Feb 22, 12:00 – 17:00
Westin Hotel (Quebec Room)
#CNACommsWksp

This workshop, facilitated by Decision Partners, will provide participants with an understanding of radiation science at a lay level, and the principles of strategic risk communications for communicating about this complex topic.  Understanding Risk Communications and explaining health risks associated Radiation was identified as a key learning following events at Fukushima. The workshop will enhance the preparedness of the participants – including industry workers, stakeholders and governments – in explaining types of radiation to people from outside the nuclear industry.

Workshop participants will also hear from Mr. John Roberts and Ms. Andrea Marshall from Aurora Energy Ltd., who will share a case study based on their company’s experience communicating with people in Labrador about radiation and uranium mining.  Participants will leave the workshop with a toolkit of tested communications messages and a better understanding of best practices for engaging stakeholders in a community dialogue.

Max. 40 participants

Working lunch provided

Register Now

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Download the entire Conference Agenda HERE (now includes #hashtags!)

What the #hashtag?
The # symbol, called a hashtag, is used to mark keywords or topics in a Tweet. It was created organically by Twitter users as a way to categorize messages.

Join the conversation on Twitter. Tweet using #cnagm2012 or the session #hashtag found on the Agenda.

Meet the Speakers

 

 

 

 

 

 

 

 

 

 

 

Thank you to our SPONSORS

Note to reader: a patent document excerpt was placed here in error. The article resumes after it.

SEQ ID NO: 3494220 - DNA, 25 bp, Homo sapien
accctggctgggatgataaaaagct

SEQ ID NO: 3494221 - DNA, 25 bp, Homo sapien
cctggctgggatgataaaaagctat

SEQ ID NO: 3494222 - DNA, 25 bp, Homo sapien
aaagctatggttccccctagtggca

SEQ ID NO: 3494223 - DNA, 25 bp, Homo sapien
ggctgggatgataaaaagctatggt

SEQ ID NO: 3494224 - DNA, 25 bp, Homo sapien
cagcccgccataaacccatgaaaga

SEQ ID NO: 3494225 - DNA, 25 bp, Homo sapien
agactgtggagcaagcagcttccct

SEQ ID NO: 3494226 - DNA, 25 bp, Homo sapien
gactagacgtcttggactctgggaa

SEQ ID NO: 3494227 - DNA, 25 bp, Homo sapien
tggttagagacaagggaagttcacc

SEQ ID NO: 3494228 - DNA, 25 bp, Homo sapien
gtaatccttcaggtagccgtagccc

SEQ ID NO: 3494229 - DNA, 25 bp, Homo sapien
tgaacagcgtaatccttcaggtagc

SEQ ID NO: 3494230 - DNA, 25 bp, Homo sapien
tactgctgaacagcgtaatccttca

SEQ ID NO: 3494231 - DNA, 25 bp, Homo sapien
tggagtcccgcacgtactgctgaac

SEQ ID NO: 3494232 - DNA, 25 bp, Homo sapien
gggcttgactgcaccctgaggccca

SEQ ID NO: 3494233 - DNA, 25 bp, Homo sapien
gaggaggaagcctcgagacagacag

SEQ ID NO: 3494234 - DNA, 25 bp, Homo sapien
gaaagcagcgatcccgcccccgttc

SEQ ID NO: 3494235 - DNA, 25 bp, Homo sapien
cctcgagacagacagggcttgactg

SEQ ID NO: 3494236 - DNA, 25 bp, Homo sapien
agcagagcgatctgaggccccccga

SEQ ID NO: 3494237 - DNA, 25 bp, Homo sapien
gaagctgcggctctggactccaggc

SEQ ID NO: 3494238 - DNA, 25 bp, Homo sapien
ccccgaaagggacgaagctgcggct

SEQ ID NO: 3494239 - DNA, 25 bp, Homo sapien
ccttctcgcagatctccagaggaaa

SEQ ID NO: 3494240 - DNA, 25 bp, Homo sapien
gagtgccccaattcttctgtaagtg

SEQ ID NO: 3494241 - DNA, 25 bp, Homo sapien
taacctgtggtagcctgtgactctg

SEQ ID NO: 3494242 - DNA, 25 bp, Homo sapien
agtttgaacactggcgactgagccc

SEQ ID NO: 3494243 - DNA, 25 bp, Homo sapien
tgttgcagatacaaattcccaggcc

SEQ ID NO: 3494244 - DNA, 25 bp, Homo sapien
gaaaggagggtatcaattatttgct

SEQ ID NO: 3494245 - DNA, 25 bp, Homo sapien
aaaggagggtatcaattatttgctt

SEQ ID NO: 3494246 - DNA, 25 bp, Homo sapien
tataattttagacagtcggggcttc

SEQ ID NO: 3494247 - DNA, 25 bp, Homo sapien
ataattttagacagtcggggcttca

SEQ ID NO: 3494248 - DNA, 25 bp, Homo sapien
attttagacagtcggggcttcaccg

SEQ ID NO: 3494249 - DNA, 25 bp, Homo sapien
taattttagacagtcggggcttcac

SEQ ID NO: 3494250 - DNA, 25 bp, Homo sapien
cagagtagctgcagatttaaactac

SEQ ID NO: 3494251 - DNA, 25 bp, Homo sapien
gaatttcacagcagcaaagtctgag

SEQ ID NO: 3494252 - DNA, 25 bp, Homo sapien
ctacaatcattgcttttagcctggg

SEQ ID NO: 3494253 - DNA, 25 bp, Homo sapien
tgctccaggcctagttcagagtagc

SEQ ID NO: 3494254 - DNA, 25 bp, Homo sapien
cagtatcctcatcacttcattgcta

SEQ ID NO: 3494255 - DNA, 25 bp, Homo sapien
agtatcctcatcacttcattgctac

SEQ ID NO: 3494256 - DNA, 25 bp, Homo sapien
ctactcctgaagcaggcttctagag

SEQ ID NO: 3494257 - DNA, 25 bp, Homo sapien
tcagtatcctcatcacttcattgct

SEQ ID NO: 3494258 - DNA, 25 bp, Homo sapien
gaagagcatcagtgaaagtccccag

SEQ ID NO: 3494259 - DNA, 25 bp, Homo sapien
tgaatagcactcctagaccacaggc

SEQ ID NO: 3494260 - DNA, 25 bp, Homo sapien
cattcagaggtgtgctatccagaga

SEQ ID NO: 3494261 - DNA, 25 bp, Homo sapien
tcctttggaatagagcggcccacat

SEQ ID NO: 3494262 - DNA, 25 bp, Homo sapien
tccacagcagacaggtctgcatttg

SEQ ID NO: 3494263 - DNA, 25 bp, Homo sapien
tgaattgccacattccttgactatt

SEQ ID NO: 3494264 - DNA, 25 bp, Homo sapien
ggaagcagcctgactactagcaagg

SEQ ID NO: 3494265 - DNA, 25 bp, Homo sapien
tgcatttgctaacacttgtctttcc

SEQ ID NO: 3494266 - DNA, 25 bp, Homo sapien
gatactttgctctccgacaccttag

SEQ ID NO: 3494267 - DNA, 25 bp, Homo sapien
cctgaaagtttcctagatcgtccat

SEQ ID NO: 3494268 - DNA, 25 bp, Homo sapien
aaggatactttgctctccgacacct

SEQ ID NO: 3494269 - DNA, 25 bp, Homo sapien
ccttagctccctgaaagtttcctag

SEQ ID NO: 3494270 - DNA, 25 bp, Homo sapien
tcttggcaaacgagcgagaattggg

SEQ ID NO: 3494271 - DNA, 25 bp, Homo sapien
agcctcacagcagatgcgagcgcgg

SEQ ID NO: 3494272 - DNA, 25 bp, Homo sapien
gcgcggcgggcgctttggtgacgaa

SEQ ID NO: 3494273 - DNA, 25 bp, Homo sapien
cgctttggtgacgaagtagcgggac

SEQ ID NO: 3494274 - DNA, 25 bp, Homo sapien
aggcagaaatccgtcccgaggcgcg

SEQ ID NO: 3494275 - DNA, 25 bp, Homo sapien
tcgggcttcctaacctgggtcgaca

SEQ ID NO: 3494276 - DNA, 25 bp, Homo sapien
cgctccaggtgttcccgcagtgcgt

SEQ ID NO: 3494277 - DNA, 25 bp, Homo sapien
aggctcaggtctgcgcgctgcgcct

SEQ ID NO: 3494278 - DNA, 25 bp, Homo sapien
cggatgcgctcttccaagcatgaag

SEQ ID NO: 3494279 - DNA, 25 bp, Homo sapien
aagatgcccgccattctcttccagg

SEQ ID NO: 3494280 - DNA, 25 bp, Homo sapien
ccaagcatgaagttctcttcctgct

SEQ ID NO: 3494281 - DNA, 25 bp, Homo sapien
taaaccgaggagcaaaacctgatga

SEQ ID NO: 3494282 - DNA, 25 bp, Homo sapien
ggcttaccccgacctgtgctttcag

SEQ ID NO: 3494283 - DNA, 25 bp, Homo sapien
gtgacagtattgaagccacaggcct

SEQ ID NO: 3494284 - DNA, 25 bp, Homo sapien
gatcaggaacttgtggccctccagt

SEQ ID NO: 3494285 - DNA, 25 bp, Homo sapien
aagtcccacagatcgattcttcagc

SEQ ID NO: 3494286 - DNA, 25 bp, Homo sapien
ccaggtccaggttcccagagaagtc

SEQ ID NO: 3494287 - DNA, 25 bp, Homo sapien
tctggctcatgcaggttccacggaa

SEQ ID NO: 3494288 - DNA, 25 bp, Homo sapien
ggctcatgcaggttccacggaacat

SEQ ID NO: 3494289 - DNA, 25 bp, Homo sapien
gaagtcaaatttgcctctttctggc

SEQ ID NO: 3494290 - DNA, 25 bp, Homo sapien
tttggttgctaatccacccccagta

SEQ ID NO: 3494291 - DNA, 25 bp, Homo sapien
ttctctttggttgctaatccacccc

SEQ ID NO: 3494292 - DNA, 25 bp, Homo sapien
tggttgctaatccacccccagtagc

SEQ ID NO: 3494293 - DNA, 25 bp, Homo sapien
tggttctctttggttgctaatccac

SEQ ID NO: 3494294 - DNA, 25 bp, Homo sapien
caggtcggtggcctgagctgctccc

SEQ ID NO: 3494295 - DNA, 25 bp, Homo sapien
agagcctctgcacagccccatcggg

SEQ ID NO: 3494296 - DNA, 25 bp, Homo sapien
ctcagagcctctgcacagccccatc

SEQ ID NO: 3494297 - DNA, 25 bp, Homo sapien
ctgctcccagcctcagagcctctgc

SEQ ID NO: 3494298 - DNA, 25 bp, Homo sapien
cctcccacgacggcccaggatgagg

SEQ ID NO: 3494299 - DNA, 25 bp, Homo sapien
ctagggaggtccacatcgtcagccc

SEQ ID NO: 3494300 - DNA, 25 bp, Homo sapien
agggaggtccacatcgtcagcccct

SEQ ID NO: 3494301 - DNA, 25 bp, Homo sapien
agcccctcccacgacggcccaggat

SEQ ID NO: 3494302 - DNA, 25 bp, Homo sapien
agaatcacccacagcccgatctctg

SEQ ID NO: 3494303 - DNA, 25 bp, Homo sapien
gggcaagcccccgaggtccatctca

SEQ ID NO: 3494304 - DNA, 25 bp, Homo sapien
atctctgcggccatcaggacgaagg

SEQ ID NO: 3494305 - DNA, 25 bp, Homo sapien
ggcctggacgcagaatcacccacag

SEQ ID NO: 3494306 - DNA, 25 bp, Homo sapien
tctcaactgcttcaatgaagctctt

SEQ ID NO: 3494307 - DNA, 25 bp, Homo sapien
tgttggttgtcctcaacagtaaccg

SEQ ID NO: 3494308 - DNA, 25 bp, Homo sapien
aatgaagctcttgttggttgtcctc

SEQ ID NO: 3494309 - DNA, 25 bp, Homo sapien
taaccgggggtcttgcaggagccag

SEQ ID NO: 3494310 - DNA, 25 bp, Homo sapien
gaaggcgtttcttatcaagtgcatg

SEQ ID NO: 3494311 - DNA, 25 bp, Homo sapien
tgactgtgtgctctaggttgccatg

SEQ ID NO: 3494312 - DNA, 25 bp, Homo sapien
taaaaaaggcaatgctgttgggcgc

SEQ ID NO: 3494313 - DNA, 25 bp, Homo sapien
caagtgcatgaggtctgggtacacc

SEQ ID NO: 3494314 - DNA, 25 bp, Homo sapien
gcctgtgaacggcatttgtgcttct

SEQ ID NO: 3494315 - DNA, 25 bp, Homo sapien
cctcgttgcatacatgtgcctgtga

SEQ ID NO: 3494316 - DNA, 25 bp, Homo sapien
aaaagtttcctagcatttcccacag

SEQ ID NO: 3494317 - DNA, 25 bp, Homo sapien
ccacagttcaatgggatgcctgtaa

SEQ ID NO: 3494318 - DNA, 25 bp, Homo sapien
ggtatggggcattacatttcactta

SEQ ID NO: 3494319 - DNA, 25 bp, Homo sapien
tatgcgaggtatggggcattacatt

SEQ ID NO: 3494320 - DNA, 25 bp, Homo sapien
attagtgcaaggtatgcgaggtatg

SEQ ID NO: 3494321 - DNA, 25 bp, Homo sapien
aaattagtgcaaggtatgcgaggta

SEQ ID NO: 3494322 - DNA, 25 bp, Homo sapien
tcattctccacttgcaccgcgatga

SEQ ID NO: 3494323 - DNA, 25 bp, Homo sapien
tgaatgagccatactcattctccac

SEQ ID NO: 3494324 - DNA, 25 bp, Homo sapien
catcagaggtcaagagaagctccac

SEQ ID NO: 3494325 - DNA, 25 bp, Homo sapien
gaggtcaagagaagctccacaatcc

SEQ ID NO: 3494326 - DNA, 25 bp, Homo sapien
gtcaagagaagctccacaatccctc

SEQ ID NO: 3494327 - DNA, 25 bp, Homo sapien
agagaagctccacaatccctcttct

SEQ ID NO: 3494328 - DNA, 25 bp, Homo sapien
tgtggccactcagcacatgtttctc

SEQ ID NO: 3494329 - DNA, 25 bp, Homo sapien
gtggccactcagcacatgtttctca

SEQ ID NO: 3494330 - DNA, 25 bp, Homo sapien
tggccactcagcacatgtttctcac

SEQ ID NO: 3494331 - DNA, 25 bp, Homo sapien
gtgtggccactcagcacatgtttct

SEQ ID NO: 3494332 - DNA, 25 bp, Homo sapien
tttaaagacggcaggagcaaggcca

See you in February!

 

Sponsor Spotlight

Checkout the Sponsor Spotlight on Ontario Power Generation. Click here!

CNA2012 Update – Honoring Jerry Grandey for Advancing Nuclear Energy

 

Who negotiated a deal which led to the dismantlement of 20,000 nuclear warheads, helped establish his company as a dominant nuclear energy company, and shaped its mission of bringing the many benefits of nuclear energy to the world?

The Canadian Nuclear Association (CNA), in partnership with the Canadian Nuclear Society (CNS), is pleased to present the CNS/CNA Ian McRae Award, given annually to honour an individual who has made substantive contributions to the advancement of nuclear energy in Canada.

Join us in honoring former Cameco Corporation CEO,
Mr. Gerald (Jerry) Grandey!
2012 CNS/CNA Ian McRae Award recipient

The 2012 CNS/CNA Ian McRae Award will be presented in a special
ceremony as part of the Welcome Reception for the
2012 CNA Conference and Trade Show – Leadership Through Innovation

Wednesday February 22, 2012
Westin Hotel, Main Ballroom, 11 Colonel By Drive, Ottawa

18:00 Welcome Reception Begins
18:30-19:30 Award Ceremony
21:00 Welcome Reception Concludes

Come for the Award, stay for the Conference!
REGISTER TODAY

Throughout his distinguished career in Canada’s nuclear industry, Mr. Grandey earned the reputation as a well-respected, influential leader who helped shape nuclear advancement on a global scale. He is being recognized for raising the nuclear profile to a higher level along with Canada’s reputation as a world leader in nuclear safety. He has been a strong supporter and vocal advocate for the industry through the dedication of his personal time and resources at Cameco Corporation to support the national efforts of the Canadian Nuclear Association.

 

 

The 2012 CNA Conference and Trade Show continues on February 23-24 with informative and entertaining speakers and panels discussing all the top issues afftecting your business and the nuclear industry, both in Canada and globally.

Download the entire 2012 CNA Conference program HERE.

REGISTER for the 2012 CNA Conference HERE.

Thank you to our SPONSORS!

See you in February!

Sponsor Spotlight

Click here to view the complete Sponsor Spotlight on